• Manage hazardous waste in tanks or containers subject to EPA requirements
  • Comply with EPA preparedness and prevention requirements
  • Comply with EPA land disposal restriction requirements
  • Always have at least one employee available to respond to an emergency and designated as the emergency coordinator responsible for coordinating all response measures

SQGs may accumulate hazardous waste on-site for 180 days without a permit or for 270 days if the waste is being shipped more than 200 miles. See 40 CFR part 262 for a complete description of the SQG regulations.

Regulations for Large Quantity Generators

Large quantity generators (LQGs) generate more than 1,000 kilograms (2,200 pounds) of hazardous waste or more than 1 kilogram (2.2 pounds) of acutely hazardous waste per month. This generator must:

  • Only accumulate waste on-site for 90 days (certain exceptions apply)
  • Manage hazardous waste in tanks, containers, drip pads or containment buildings subject to EPA requirements
  • Comply with EPA’s hazardous waste manifest requirements and pre-transport requirements
  • Comply with EPA preparedness, prevention, and emergency procedure requirements
  • Comply with EPA land disposal restriction requirements
  • Submit a biennial hazardous waste report

LQGs do not have a limit on the amount of hazardous waste accumulated on-site. See 40 CFR part 262 for a complete description of the LQG regulations.

What are Episodic Generators?

VSQGs or SQGs who exceed their usual calendar month quantity limits due to either a planned or unplanned event, may be able to maintain their existing category. EPA defines an “episodic event” as an activity or activities that do not normally occur during generator operations. A planned event is one that the generator has prepared for, such as short-term projects, tank cleanouts, or regular maintenance. Unplanned events include things such as accidental spills, production process upsets, or “acts of nature” such as floods, hurricanes or floods. There are specific conditions for a generator managing hazardous waste from an episodic event.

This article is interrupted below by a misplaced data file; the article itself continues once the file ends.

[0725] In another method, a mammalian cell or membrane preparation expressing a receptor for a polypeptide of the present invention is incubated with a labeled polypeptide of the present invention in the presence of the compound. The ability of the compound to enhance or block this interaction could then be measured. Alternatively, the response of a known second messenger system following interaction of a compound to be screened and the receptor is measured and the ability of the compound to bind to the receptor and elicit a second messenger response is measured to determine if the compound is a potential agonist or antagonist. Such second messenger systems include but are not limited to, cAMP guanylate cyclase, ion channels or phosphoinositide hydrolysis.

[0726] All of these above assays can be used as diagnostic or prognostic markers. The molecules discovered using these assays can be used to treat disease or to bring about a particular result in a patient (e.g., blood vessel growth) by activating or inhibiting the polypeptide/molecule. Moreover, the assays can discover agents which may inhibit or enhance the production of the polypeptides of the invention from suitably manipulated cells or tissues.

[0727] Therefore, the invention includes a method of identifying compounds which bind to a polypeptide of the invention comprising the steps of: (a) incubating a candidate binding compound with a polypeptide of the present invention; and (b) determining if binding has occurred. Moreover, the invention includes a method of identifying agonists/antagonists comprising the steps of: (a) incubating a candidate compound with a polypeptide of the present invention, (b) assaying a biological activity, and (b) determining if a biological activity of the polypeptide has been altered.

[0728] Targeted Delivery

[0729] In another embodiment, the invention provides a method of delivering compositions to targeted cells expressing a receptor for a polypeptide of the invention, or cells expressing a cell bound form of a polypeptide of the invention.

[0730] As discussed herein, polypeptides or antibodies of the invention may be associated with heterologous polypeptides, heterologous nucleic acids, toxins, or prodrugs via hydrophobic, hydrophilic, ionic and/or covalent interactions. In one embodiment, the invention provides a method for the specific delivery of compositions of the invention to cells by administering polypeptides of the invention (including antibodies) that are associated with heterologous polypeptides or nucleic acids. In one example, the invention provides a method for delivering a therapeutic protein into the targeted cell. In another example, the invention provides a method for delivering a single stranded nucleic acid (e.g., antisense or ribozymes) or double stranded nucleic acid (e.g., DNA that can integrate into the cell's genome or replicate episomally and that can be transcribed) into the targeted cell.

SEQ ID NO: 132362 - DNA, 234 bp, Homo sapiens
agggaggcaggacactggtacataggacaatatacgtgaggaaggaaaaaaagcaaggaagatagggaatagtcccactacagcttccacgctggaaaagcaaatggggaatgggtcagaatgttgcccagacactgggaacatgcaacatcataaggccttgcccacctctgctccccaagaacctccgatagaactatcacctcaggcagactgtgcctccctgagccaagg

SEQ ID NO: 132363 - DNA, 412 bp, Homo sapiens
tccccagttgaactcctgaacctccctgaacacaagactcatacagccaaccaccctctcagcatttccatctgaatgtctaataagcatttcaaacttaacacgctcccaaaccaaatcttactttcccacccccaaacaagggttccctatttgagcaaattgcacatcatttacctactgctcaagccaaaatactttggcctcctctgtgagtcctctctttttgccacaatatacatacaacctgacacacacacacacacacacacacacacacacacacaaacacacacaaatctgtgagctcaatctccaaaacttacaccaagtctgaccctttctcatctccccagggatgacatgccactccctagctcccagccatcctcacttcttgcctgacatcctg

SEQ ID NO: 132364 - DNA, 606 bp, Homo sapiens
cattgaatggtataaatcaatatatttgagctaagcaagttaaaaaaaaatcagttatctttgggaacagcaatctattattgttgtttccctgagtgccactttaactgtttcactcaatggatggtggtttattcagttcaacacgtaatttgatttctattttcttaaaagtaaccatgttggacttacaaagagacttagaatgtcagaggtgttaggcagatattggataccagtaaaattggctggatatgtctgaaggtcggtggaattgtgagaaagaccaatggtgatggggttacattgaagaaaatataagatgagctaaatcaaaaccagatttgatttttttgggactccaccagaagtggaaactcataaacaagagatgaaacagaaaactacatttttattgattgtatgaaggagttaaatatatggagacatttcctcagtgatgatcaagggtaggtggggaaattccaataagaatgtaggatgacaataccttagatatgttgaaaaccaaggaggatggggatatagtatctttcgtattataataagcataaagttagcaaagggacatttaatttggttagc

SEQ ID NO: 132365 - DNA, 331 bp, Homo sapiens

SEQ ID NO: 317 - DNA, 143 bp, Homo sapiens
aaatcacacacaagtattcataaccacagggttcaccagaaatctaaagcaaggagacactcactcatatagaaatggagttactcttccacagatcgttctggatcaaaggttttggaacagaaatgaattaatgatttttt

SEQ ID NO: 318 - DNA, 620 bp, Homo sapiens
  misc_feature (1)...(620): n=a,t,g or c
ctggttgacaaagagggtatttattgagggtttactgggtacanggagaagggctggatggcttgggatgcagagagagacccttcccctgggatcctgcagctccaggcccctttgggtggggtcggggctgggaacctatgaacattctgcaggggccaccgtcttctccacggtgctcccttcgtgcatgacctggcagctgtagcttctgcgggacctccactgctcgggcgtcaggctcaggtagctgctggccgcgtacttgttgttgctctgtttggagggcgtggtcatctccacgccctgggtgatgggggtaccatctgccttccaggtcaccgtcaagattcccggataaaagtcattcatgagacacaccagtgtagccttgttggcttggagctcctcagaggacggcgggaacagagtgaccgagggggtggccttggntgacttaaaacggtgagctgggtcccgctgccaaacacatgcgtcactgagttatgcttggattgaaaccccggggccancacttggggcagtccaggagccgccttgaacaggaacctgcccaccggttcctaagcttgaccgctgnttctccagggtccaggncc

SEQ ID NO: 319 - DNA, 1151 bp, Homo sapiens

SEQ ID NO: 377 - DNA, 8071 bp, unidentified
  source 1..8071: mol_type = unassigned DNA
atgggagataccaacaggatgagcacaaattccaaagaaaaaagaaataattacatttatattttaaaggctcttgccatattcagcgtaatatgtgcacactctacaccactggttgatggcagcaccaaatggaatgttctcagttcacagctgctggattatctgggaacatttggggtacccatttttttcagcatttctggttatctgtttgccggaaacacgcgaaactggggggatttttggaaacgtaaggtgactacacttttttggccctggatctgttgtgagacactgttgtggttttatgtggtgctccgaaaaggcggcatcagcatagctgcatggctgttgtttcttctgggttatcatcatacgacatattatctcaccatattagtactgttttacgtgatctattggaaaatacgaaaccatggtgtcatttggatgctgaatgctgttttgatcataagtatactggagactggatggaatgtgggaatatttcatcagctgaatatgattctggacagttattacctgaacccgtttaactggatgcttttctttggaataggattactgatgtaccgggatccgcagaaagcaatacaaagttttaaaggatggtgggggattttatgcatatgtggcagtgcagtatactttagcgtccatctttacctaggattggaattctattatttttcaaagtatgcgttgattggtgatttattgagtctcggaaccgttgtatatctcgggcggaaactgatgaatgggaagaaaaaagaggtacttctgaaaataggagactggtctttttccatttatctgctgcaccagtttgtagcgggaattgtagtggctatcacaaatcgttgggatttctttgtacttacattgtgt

Most states are authorized to implement the RCRA program; however, the quantity limits for state generation categories can be different than the federal limits. EPA lists the states with different hazardous waste generator categories. By knowing your correct waste generator classification, your facility can maintain compliance by following proper state and federal regulations. Partner with a trusted, reliable waste services provider who can help you determine your generator status.

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Topics: Compliance- Hazardous Waste

Kevin Webber

Kevin Webber

Kevin Webber is a partner at TriHaz Solutions and actively involved in the day-to-day business from a strategic and operational standpoint. He has a successful background in business/investment management and entrepreneurship, including recognition by Inc. Magazine’s 5000 list of fastest-growing private companies.